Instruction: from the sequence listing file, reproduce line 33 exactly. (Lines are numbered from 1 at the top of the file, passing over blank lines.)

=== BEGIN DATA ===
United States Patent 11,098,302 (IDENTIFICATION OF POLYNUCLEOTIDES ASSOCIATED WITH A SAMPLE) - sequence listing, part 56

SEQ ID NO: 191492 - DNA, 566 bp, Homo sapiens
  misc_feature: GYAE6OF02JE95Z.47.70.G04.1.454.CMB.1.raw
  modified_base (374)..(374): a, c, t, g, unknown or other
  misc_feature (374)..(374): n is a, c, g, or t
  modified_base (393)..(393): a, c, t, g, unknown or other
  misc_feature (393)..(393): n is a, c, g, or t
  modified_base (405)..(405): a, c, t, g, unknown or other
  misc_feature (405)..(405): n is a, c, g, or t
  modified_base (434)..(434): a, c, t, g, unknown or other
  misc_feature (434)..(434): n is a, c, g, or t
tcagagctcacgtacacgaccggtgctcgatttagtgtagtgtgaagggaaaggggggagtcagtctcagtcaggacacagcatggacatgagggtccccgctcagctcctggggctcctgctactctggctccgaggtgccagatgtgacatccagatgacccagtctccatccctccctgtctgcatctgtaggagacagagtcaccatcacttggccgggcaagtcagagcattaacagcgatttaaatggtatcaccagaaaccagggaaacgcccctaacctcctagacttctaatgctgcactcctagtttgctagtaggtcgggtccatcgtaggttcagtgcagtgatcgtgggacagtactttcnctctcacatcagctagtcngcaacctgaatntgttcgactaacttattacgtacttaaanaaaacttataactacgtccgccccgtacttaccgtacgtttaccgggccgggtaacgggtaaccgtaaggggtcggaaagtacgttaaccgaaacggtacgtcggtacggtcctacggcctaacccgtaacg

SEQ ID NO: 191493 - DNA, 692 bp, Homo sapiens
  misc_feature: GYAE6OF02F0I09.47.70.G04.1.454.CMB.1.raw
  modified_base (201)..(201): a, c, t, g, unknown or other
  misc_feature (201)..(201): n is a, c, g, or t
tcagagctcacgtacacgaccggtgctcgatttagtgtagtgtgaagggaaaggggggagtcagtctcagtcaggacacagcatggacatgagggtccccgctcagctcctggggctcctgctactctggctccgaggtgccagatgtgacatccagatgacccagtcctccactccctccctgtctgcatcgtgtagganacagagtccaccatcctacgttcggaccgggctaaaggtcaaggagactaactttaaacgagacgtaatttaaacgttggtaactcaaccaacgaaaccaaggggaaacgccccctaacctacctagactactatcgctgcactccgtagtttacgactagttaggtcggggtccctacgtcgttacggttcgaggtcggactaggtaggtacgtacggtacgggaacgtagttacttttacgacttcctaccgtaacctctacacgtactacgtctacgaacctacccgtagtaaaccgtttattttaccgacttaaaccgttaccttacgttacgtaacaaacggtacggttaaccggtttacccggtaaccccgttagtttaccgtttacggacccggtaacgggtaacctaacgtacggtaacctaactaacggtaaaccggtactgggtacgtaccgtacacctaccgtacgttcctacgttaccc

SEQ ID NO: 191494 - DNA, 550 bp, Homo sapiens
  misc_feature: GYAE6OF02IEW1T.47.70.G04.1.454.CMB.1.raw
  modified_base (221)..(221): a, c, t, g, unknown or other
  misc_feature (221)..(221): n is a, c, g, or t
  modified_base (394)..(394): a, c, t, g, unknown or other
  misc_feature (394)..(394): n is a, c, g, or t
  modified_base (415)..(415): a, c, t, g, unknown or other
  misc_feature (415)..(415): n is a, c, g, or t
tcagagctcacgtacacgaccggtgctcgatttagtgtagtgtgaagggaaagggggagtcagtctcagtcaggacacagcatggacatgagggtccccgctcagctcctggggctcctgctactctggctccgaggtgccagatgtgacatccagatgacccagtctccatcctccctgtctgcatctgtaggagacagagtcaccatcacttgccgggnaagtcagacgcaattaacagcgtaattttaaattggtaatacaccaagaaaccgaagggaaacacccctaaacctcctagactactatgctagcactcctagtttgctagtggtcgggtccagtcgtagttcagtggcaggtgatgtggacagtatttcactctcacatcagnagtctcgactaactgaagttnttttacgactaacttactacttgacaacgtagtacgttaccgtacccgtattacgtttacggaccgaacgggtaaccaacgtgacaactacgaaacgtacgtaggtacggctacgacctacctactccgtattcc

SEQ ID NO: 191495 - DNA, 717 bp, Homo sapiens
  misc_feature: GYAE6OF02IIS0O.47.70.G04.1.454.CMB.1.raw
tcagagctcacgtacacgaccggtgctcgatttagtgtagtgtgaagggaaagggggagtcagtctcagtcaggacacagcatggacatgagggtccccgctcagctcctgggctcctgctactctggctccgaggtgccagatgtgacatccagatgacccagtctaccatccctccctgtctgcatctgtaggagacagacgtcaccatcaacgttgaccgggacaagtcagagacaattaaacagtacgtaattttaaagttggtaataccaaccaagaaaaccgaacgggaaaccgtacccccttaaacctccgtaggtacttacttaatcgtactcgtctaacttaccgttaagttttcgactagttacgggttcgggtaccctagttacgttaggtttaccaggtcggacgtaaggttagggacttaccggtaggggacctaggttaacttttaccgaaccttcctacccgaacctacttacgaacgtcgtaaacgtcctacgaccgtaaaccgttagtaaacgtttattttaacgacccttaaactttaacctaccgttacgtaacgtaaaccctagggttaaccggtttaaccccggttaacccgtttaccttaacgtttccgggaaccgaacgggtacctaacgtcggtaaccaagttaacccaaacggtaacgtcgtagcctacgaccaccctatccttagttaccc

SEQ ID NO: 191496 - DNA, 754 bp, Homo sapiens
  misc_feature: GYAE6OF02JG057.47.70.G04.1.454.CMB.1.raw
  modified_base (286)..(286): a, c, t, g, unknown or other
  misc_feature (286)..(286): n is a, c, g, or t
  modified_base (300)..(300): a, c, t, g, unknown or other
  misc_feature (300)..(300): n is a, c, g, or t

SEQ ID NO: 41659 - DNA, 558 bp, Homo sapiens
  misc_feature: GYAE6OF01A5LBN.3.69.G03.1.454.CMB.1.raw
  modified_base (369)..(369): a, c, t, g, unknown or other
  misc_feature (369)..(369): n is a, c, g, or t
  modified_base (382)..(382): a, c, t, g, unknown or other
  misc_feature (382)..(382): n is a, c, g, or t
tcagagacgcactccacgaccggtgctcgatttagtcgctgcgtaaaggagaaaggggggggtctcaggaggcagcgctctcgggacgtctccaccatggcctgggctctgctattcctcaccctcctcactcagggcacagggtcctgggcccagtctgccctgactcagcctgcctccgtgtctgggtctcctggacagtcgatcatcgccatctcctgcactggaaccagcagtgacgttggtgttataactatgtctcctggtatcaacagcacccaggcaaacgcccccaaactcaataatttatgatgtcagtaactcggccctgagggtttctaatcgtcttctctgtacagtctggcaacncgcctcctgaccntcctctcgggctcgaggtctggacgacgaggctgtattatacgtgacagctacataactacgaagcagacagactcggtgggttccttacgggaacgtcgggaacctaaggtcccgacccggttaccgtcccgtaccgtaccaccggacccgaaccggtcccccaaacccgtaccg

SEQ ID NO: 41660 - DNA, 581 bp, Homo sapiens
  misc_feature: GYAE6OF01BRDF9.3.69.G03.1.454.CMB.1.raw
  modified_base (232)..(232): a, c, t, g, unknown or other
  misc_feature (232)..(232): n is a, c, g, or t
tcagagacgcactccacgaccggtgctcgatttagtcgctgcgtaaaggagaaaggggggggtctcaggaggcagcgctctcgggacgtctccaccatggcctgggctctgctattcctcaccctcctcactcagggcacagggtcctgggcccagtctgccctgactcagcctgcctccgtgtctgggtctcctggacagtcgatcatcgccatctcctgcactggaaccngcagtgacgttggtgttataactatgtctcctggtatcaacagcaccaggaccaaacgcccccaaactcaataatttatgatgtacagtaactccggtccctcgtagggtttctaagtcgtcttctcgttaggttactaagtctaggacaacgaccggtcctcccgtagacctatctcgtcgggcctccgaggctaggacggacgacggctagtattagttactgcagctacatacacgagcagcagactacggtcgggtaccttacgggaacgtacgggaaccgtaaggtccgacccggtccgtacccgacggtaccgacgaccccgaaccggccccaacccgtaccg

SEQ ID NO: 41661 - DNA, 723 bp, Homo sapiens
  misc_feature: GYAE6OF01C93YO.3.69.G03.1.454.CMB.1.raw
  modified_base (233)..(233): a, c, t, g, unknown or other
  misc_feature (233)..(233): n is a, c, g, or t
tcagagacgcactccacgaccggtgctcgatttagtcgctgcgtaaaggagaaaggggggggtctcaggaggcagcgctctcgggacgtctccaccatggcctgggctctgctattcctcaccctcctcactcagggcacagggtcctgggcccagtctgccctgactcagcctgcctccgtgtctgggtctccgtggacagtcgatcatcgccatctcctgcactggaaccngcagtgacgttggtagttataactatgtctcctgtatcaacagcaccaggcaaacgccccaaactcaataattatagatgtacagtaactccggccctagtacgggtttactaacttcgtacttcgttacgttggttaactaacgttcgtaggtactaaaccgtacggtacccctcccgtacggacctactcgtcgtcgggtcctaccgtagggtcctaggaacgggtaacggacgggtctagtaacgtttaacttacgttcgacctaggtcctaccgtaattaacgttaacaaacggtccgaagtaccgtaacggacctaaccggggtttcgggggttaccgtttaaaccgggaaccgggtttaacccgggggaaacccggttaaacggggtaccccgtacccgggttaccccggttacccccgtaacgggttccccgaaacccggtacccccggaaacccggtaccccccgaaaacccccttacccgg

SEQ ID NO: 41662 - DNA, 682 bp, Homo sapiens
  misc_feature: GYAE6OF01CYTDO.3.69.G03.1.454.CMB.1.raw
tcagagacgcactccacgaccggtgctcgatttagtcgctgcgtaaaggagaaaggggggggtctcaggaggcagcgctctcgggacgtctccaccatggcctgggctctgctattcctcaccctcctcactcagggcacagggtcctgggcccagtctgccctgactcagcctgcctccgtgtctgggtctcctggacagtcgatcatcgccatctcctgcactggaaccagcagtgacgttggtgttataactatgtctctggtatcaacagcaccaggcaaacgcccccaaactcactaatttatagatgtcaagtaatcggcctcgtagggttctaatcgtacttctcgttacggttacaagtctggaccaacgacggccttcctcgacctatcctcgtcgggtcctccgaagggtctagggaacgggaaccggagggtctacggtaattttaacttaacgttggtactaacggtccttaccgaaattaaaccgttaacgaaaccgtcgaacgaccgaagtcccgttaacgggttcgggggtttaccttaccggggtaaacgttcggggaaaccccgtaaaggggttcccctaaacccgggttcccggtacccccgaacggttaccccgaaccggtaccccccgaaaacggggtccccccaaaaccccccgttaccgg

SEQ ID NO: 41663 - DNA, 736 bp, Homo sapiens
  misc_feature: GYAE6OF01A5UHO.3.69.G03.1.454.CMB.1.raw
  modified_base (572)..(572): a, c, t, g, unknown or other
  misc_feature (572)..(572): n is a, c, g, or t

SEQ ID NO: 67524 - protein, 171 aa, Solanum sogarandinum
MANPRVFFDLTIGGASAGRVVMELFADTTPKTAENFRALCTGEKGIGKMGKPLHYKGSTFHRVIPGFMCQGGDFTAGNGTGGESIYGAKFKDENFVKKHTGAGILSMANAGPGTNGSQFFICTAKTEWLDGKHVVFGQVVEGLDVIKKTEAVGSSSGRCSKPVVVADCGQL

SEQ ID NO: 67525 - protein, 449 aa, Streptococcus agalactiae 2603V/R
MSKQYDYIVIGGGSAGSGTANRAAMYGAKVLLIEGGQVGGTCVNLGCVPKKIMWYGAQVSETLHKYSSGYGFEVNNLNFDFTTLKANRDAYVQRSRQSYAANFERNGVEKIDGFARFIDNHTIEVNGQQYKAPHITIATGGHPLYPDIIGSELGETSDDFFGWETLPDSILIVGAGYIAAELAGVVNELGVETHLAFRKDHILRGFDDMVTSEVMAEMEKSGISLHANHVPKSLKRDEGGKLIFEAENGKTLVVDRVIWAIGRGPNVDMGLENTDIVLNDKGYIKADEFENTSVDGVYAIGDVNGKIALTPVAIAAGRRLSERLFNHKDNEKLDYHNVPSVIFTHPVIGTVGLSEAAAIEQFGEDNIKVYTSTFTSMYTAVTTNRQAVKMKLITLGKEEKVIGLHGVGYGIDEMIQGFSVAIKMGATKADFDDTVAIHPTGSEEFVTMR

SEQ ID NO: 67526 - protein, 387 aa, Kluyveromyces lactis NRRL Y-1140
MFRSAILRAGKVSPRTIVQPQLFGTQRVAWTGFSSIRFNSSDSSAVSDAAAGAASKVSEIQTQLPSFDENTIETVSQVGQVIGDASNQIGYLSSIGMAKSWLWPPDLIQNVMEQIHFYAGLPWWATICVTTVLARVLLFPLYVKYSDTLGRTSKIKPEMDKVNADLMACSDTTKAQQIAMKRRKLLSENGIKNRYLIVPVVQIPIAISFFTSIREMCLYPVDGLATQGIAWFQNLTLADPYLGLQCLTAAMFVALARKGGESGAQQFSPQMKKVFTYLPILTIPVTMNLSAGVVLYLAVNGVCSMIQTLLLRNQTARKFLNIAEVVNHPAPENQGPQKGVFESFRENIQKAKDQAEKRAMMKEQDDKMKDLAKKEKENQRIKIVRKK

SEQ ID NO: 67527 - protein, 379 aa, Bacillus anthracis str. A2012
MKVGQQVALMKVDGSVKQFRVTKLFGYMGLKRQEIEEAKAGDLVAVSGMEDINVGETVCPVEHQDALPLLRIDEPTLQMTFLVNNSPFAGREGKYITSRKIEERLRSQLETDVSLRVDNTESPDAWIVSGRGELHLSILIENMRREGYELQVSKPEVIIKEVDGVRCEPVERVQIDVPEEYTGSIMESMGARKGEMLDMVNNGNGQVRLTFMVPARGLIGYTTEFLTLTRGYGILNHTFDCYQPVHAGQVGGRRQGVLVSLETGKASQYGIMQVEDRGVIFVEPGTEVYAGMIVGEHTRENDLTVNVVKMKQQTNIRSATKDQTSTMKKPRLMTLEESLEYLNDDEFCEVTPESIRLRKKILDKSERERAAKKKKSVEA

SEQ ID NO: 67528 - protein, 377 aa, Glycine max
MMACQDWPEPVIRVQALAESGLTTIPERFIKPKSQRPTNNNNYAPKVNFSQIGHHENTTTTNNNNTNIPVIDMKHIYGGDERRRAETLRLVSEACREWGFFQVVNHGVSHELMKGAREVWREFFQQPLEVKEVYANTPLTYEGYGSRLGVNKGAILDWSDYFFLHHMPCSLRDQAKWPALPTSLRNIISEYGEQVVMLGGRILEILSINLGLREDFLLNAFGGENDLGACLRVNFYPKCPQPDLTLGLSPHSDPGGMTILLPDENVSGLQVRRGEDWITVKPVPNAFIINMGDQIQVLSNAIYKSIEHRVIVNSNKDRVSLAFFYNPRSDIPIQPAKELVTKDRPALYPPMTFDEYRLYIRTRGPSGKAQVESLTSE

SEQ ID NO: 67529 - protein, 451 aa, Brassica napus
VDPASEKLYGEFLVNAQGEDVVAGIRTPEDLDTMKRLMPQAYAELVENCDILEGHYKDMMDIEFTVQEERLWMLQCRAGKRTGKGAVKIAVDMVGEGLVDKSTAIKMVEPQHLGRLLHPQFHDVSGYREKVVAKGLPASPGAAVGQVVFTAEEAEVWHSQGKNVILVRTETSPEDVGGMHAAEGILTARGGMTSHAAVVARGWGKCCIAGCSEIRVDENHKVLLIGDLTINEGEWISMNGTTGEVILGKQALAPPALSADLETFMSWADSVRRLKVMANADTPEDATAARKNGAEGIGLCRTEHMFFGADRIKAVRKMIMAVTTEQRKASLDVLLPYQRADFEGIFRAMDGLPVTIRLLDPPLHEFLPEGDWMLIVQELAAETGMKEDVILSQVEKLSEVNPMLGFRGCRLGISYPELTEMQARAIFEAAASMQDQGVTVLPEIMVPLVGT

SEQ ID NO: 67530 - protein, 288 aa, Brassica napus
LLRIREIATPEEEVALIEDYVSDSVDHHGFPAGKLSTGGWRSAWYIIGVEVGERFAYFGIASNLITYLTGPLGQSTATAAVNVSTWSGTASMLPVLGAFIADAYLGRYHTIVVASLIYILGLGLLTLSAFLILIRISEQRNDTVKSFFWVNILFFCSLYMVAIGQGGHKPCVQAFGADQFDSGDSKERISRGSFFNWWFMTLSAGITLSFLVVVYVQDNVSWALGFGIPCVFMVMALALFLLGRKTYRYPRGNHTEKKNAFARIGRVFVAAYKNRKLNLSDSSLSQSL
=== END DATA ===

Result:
  misc_feature (286)..(286): n is a, c, g, or t